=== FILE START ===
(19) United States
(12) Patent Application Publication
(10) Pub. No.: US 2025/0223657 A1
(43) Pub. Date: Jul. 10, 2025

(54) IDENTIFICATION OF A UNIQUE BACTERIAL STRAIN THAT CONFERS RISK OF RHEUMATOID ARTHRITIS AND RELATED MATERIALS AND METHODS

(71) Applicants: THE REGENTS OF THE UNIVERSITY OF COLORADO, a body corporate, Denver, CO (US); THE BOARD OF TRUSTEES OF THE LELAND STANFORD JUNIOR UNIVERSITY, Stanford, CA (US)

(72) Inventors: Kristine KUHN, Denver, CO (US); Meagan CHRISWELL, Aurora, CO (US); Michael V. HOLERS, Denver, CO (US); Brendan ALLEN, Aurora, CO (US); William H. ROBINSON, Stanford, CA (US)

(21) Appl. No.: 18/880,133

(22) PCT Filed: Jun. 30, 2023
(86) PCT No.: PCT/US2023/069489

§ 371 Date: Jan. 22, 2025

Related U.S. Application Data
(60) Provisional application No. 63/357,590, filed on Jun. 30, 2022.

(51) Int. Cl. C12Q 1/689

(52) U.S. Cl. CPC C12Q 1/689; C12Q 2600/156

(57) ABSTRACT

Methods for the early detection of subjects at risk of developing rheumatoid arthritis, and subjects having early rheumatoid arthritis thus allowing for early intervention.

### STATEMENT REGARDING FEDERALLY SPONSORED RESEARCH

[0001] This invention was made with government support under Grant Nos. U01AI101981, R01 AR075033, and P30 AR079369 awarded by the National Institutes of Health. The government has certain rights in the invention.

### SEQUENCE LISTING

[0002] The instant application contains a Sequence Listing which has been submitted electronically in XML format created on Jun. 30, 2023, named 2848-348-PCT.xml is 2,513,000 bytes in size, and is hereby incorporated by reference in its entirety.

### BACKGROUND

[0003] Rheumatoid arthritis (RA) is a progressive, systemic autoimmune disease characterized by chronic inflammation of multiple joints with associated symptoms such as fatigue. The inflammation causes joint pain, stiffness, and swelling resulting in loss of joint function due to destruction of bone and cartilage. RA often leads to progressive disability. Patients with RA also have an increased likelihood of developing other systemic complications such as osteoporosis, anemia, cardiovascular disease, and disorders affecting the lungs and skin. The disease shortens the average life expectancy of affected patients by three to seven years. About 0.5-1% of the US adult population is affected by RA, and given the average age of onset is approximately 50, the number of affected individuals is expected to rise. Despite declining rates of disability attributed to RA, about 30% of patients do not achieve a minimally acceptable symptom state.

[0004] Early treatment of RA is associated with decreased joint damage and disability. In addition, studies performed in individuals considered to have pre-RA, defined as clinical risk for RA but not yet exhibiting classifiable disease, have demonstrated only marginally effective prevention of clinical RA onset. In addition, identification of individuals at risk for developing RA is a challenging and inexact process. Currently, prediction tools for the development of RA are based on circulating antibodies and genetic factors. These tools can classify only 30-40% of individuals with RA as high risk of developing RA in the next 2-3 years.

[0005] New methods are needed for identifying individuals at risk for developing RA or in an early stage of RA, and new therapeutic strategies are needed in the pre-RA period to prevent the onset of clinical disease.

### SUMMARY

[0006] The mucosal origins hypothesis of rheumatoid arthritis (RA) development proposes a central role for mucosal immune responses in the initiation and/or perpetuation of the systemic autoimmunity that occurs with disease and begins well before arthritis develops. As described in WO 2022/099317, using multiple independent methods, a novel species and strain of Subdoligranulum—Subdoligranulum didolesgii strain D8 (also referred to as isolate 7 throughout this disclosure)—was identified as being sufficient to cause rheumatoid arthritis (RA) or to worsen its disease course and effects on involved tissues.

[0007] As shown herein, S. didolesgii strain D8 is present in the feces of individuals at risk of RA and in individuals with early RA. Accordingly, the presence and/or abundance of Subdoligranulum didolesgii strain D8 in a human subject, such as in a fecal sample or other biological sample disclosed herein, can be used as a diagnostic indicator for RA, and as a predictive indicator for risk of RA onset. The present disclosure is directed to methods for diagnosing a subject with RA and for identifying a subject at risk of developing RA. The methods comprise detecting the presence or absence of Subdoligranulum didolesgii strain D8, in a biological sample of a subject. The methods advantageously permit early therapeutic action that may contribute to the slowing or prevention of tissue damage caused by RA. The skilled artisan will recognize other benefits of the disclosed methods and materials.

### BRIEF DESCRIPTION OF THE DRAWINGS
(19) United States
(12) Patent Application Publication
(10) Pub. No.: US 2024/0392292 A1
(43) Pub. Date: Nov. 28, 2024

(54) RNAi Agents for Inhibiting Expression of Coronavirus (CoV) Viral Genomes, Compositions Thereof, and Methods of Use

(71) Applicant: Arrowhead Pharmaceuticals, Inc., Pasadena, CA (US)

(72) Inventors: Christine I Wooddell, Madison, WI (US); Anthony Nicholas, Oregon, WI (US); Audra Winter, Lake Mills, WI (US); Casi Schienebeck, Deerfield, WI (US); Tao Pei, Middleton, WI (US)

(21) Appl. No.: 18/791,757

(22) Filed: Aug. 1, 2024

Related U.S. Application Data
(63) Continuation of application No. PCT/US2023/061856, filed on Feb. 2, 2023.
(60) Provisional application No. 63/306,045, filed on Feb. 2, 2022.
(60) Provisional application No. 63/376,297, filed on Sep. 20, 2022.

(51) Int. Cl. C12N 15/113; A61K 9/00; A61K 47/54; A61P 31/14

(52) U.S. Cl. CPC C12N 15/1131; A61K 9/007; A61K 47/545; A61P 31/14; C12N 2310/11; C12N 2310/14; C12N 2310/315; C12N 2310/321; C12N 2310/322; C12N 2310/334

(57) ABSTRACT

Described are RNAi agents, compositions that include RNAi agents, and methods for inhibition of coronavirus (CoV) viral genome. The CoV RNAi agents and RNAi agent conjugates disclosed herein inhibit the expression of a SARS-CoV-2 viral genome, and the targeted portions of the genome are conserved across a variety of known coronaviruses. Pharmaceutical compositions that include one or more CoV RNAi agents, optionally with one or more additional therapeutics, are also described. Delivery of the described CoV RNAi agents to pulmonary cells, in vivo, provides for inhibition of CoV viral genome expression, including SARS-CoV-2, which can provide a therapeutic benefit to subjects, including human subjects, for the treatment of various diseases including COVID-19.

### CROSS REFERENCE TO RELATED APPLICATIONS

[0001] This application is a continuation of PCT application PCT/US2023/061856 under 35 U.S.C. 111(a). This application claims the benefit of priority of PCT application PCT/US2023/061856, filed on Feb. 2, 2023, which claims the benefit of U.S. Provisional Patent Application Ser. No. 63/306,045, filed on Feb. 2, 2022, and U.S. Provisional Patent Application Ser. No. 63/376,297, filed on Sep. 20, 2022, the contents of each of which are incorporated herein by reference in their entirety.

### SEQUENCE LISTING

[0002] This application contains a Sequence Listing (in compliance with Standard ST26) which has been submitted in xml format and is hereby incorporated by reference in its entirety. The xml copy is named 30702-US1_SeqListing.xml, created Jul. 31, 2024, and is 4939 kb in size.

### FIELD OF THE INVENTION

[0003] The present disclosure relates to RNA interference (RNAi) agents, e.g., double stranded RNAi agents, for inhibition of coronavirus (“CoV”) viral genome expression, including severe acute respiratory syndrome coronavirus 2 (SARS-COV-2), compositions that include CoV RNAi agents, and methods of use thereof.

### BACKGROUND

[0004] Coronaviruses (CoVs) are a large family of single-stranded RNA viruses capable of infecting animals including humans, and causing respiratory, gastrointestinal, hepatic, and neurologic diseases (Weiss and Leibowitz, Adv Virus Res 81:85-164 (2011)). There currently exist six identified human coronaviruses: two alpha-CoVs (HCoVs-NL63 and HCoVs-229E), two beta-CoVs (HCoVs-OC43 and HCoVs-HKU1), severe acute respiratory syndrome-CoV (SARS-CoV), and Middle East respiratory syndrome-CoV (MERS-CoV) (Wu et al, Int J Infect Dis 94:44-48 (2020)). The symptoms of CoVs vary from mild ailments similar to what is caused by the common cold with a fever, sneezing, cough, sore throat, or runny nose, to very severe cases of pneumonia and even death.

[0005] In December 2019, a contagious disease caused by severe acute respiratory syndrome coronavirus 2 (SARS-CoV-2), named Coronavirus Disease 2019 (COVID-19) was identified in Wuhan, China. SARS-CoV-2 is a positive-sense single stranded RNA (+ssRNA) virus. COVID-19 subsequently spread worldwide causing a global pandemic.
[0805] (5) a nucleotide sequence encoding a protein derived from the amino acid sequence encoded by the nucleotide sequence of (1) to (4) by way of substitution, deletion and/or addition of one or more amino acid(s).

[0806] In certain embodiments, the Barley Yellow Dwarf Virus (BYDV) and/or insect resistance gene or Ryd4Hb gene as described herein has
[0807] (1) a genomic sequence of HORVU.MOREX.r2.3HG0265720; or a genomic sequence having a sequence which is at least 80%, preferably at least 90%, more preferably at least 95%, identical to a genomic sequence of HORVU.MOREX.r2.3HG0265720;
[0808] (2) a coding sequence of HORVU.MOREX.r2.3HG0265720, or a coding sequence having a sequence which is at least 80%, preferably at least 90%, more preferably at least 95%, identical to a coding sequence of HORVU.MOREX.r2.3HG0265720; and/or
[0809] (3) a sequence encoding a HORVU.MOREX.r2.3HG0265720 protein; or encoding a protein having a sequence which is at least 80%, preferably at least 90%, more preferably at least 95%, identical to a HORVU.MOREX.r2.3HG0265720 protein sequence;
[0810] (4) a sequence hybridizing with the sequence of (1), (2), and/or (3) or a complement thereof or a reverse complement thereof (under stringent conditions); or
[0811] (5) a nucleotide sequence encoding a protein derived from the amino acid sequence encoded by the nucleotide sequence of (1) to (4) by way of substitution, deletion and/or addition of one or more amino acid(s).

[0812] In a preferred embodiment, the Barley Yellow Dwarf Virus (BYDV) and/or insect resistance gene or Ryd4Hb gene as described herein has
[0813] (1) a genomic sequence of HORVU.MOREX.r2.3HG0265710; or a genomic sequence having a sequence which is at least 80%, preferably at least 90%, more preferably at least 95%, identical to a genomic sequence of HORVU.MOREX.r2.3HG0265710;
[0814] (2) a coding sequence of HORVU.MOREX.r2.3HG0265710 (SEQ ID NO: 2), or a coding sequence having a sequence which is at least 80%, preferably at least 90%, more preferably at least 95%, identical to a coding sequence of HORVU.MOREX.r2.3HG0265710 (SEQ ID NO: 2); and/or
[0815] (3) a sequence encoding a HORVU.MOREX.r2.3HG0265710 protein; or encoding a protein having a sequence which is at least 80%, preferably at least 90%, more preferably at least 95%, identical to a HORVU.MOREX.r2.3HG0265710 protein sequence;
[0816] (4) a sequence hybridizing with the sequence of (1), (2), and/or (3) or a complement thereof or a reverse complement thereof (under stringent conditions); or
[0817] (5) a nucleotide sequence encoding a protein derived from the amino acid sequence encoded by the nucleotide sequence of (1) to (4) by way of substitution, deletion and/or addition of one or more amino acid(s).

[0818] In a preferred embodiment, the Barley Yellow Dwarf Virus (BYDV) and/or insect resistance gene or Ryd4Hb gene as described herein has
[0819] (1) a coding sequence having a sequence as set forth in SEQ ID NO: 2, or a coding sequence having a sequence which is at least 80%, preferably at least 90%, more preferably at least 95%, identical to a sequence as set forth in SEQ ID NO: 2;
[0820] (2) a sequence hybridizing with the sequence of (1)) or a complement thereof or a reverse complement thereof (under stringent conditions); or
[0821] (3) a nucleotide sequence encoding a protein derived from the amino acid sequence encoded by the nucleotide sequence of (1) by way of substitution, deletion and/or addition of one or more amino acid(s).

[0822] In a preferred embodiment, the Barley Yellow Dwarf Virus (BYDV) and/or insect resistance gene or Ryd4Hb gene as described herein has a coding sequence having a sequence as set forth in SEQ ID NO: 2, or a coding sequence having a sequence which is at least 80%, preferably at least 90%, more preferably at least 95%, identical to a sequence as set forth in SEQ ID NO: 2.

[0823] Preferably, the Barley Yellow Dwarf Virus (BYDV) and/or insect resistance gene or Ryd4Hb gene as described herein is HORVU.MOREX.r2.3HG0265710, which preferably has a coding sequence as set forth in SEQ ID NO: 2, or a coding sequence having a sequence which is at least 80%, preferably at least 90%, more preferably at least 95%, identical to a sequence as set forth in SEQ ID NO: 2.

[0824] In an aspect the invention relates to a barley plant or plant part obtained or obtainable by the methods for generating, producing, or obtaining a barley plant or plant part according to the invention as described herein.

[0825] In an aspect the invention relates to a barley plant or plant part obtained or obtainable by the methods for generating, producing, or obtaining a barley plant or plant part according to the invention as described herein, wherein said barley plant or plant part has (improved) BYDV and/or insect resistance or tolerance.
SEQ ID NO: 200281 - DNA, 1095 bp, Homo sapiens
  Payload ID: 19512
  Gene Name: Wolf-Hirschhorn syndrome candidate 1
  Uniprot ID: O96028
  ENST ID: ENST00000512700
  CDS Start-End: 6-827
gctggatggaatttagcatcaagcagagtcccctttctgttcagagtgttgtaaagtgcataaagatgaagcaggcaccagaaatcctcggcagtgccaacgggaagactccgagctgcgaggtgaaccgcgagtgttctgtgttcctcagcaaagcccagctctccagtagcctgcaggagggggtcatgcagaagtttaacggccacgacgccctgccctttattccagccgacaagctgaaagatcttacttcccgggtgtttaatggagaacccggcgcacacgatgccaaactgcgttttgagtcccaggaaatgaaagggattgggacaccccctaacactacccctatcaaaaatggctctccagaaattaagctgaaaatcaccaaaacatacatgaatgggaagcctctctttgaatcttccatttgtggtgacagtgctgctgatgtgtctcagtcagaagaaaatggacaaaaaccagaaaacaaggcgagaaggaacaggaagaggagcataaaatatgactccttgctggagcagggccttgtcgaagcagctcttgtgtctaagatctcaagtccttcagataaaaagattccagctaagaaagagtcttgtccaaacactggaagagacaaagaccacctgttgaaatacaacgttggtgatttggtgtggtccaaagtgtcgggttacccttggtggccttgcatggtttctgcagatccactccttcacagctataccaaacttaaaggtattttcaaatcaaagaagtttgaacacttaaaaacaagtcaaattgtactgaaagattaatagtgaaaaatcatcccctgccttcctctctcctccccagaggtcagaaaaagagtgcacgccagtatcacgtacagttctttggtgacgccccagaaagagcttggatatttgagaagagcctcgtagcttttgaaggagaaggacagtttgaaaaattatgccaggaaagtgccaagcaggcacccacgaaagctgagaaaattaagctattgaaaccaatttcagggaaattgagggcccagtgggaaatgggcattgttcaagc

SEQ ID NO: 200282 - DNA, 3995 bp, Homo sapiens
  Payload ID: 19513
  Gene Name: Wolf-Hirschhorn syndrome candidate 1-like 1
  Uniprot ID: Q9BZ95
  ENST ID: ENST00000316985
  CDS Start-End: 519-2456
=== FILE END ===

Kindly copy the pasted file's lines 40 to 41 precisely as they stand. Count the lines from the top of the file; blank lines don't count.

(63) Continuation of application No. PCT/US2023/061856, filed on Feb. 2, 2023.
(60) Provisional application No. 63/306,045, filed on Feb. 2, 2022.